What might happen when you give freedom for a crazy software engineer to run Government IT.
Sometimes, being a small country is a huge advantage – it is much easier to implement and enforce new laws, systems, services and make life of citizens much more convenient. Estonia has shown that on its own example and became a leader in innovation in the area of e-Government technologies, digital identity, mobile ID an more.
Mr. Taavi Kotka – CIO of Estonian Government – was sharing his experience of creating a digital society during his visit to Malta (Series of “Exceptional Entrepreneurs” events, organised by EY Malta).
How to deliver government services to people in the country where density of population is 4 people per square km?
How to hold elections in March, when all the roads are blocked with snow and people can’t come to the polling station in the city?
How to innovate without foreign loan and on tight budget?
How to “create” more citizens that would do business and pay tax in the country?
By answering these questions Estonia managed to build one of the most advanced e-Government system in the world.
Estonian e-Government is based on X-road system and is similar to an Enterprise Service Bus that is used in IT systems of big companies. Interconnected architecture combined with managed access rights and security protocols creates an environment where “everybody is watching everybody” – which makes it a very secure and transparent environment.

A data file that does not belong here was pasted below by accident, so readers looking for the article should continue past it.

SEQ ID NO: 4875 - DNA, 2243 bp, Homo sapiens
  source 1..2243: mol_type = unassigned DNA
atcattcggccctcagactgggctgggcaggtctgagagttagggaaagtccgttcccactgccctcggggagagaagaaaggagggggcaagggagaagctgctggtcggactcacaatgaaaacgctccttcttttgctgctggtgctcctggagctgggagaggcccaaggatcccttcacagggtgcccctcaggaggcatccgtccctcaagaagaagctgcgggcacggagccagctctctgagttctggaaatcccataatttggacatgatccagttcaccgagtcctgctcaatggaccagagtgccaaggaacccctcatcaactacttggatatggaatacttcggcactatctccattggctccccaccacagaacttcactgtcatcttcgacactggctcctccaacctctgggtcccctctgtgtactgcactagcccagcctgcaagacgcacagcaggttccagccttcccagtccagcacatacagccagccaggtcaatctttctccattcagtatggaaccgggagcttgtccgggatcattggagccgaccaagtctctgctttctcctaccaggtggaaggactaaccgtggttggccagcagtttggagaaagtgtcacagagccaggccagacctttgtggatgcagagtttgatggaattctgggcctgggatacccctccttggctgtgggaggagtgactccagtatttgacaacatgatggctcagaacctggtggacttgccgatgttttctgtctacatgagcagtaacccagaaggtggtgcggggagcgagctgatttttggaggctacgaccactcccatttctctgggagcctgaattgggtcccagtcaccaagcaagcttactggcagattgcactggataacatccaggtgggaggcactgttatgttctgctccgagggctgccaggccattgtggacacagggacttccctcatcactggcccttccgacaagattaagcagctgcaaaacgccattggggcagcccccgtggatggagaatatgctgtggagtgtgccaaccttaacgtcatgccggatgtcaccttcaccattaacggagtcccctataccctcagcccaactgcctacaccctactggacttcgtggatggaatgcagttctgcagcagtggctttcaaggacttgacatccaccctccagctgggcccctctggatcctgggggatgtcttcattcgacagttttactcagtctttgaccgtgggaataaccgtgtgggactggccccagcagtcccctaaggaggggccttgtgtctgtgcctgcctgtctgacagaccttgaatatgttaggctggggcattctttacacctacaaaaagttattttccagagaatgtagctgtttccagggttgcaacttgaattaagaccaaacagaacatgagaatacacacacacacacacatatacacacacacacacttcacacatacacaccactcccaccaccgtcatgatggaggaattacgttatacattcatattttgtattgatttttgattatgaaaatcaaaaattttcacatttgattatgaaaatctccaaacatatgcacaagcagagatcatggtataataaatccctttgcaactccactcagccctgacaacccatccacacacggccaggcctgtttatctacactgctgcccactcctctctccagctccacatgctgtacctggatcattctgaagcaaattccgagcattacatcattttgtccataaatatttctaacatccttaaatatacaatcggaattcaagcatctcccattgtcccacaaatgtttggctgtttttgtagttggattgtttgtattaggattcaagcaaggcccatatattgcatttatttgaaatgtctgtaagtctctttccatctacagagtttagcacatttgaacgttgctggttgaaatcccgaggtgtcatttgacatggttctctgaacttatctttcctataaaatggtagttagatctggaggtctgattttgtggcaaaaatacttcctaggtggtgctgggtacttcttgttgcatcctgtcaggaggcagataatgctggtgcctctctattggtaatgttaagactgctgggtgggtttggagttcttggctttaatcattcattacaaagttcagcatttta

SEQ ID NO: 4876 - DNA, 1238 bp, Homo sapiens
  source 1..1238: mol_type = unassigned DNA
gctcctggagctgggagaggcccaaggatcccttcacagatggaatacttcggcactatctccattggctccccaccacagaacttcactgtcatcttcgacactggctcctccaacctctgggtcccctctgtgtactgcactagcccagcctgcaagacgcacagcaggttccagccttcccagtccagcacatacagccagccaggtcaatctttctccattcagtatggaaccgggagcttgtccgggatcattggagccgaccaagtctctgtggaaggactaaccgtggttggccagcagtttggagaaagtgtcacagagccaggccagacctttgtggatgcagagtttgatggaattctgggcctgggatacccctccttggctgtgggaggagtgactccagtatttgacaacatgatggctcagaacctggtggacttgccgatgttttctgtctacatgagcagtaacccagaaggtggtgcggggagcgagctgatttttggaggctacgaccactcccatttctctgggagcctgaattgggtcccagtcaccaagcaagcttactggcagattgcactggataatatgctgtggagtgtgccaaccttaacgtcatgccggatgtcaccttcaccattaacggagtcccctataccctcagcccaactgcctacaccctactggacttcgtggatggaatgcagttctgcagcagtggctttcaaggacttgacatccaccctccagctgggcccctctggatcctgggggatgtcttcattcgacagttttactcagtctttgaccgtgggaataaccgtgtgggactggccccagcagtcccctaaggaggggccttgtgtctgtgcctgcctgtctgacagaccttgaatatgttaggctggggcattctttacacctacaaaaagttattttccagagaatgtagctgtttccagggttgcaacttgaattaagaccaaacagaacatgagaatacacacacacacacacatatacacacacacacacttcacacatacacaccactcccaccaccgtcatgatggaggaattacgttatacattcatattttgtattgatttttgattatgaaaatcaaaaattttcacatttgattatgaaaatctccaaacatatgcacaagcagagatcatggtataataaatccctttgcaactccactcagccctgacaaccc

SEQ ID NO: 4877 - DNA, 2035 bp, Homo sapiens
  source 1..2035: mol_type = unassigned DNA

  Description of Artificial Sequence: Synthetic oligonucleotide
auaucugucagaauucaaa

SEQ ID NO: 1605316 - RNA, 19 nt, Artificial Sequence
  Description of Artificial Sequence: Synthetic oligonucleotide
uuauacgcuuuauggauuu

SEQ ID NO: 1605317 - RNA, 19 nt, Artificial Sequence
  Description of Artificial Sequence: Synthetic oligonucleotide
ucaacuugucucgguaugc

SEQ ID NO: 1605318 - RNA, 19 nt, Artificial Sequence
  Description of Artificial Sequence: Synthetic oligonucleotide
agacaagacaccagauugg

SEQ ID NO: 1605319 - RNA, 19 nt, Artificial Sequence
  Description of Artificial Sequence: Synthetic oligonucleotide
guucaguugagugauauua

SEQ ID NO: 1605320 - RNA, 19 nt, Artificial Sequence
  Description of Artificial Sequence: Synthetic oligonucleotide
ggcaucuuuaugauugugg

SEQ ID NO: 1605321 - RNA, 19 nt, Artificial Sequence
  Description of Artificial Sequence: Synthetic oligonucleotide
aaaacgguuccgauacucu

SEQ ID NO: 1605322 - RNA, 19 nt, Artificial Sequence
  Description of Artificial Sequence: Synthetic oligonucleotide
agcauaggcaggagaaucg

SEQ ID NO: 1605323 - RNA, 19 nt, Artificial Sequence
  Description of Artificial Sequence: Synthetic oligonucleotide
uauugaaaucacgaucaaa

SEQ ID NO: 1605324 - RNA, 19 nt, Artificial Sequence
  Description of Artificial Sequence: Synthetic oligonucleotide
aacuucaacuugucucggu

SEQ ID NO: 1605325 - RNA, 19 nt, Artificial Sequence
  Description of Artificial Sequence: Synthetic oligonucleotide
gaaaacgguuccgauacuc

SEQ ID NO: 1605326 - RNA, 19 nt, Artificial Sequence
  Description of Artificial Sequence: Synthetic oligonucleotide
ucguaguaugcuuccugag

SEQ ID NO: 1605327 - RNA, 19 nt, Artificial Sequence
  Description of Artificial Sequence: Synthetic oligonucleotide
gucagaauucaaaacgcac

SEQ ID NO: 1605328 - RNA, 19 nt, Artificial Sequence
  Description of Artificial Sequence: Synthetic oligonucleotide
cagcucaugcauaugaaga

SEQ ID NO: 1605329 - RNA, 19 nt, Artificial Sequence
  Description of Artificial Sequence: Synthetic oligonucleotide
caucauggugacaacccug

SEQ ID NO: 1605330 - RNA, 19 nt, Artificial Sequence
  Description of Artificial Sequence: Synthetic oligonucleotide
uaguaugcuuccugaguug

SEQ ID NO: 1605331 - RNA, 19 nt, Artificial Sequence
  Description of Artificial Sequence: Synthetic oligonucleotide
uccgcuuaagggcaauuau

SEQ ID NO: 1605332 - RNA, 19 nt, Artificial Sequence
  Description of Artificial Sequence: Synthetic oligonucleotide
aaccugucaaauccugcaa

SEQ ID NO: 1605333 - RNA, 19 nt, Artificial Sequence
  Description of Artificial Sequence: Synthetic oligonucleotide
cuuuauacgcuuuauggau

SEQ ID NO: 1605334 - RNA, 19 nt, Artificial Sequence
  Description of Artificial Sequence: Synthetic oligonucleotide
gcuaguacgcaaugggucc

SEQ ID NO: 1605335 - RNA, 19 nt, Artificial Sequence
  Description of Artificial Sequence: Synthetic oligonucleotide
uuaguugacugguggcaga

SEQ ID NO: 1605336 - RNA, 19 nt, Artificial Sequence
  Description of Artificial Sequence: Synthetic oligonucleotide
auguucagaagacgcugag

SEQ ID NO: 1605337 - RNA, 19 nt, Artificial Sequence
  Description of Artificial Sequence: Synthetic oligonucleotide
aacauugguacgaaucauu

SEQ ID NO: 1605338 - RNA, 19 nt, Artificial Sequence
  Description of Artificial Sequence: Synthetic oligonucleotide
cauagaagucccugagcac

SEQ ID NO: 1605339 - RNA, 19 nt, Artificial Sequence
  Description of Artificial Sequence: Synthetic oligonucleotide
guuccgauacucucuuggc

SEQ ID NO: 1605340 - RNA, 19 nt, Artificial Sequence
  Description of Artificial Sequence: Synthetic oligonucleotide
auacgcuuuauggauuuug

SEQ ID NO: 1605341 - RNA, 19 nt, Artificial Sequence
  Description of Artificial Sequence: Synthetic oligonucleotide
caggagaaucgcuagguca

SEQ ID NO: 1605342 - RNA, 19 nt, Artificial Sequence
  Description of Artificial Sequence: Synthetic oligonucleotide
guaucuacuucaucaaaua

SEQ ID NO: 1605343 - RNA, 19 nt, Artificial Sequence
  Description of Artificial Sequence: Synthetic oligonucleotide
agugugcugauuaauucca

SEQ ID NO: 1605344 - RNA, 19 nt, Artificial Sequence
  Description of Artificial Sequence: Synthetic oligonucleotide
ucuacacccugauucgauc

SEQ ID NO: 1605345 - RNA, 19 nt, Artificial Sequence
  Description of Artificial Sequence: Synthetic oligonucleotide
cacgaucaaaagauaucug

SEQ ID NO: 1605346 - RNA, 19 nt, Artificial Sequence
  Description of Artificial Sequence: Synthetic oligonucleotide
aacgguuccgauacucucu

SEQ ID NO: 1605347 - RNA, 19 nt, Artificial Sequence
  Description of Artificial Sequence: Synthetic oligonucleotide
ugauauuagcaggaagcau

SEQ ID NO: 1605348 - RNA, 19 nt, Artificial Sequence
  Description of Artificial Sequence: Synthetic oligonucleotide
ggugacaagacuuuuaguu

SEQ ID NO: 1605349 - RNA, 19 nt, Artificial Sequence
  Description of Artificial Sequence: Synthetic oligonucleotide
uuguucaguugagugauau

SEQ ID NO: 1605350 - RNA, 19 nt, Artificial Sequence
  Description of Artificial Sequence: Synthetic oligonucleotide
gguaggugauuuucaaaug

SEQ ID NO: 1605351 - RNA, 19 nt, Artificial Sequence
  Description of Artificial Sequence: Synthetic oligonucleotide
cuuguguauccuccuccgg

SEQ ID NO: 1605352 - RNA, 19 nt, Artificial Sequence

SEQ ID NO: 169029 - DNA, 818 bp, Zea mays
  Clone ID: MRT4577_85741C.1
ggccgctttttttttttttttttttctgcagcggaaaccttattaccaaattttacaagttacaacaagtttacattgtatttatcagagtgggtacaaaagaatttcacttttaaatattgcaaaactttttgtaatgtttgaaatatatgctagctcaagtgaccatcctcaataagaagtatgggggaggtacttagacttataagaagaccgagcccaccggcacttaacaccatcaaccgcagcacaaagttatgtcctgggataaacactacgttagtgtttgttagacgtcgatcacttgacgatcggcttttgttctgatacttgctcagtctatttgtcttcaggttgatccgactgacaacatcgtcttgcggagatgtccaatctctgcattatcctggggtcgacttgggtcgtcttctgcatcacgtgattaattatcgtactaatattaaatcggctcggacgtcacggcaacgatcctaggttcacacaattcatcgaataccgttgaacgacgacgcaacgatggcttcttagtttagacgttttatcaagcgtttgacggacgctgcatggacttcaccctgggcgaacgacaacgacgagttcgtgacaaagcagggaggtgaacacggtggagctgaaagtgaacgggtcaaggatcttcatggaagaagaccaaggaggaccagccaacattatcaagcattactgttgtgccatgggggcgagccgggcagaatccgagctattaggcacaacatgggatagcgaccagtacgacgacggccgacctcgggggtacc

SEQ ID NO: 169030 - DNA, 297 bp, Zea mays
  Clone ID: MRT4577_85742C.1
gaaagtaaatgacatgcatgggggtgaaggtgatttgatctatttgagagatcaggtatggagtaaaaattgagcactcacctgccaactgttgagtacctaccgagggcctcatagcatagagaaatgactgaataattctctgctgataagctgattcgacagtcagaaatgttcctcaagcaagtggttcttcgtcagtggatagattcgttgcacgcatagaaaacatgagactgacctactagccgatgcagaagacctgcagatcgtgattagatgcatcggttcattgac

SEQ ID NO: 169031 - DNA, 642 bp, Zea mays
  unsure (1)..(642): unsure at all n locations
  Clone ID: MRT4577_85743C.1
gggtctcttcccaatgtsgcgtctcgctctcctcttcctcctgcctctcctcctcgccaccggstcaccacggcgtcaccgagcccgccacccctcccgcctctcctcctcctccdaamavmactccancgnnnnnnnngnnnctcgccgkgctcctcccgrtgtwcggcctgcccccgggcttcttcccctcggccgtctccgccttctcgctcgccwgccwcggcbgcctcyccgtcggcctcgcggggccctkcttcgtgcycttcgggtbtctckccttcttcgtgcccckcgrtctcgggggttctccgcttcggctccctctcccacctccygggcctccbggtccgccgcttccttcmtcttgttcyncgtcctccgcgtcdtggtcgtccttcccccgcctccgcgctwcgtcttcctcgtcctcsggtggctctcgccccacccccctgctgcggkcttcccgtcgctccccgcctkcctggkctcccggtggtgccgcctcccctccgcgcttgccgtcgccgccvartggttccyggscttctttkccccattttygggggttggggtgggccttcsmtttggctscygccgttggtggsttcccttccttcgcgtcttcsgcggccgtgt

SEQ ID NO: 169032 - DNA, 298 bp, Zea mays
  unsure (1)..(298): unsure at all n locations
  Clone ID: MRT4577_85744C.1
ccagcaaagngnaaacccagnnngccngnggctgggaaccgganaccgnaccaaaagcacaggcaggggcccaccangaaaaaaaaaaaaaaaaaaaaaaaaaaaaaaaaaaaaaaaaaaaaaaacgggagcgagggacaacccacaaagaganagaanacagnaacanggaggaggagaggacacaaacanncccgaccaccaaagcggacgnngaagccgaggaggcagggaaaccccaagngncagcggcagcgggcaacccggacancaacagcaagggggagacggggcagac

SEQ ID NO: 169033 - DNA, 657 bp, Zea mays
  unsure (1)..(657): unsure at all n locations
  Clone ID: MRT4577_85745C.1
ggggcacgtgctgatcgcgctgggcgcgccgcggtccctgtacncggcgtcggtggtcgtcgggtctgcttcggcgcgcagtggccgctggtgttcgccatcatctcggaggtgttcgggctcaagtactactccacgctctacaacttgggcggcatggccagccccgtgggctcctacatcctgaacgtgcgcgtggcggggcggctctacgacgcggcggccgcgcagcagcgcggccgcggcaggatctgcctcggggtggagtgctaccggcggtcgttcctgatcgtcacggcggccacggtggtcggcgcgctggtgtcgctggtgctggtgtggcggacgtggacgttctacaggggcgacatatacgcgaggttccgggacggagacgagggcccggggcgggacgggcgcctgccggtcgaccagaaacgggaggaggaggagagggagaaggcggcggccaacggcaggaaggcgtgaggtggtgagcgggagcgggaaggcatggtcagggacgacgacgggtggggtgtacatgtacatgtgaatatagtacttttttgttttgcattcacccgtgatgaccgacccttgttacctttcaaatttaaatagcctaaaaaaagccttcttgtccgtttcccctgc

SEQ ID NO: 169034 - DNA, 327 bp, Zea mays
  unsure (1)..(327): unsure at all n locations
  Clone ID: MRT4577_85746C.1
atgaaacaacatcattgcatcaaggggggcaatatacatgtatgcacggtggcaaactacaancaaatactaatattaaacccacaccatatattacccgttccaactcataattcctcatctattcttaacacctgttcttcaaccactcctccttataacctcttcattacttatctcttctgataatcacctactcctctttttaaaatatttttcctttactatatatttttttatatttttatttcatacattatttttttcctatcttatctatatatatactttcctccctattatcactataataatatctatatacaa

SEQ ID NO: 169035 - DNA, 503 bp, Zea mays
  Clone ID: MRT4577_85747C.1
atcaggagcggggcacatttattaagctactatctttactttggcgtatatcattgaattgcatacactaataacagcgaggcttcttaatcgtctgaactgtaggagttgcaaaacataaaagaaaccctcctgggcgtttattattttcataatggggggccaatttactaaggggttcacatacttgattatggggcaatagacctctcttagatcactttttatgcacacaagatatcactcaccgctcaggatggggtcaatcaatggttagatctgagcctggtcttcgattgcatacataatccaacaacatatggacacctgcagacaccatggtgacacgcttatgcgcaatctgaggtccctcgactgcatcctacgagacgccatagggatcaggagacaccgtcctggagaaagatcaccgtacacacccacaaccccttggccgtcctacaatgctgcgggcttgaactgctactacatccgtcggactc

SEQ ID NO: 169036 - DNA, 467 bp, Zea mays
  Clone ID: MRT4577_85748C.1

All Government data is stored in distributed databases, there is a also a backup of all data and systems, stored in remote data warehouses – that gives an opportunity to “restore and run the country” remotely in case of emergency.
In Estonia all citizens have ID card and unique identity number – that are integral parts of e-identity of citizens. This system allowed Estonia to be the first country where voting could be done online – form any location, where a citizen has computer, internet connection and ID card reader.
Once all these systems were in place – Estonia opened up to citizens of other countries, offering its e-Residence – a zero cost project that brought a lot of attention, interest and business to Estonia.
Taavi Kotka predicts that in the future countries will compete for citizens and those who offer better services and conditions will win and thrive.
Can Malta follow Estonian example ? What will it take ?
*by Anastasiia Linnas, based on the speech of Taavi Kotka “Ditigizing a country’s residents”, Exceptional Entrepreneurs event, organised by EY Malta, Malta, October 2016.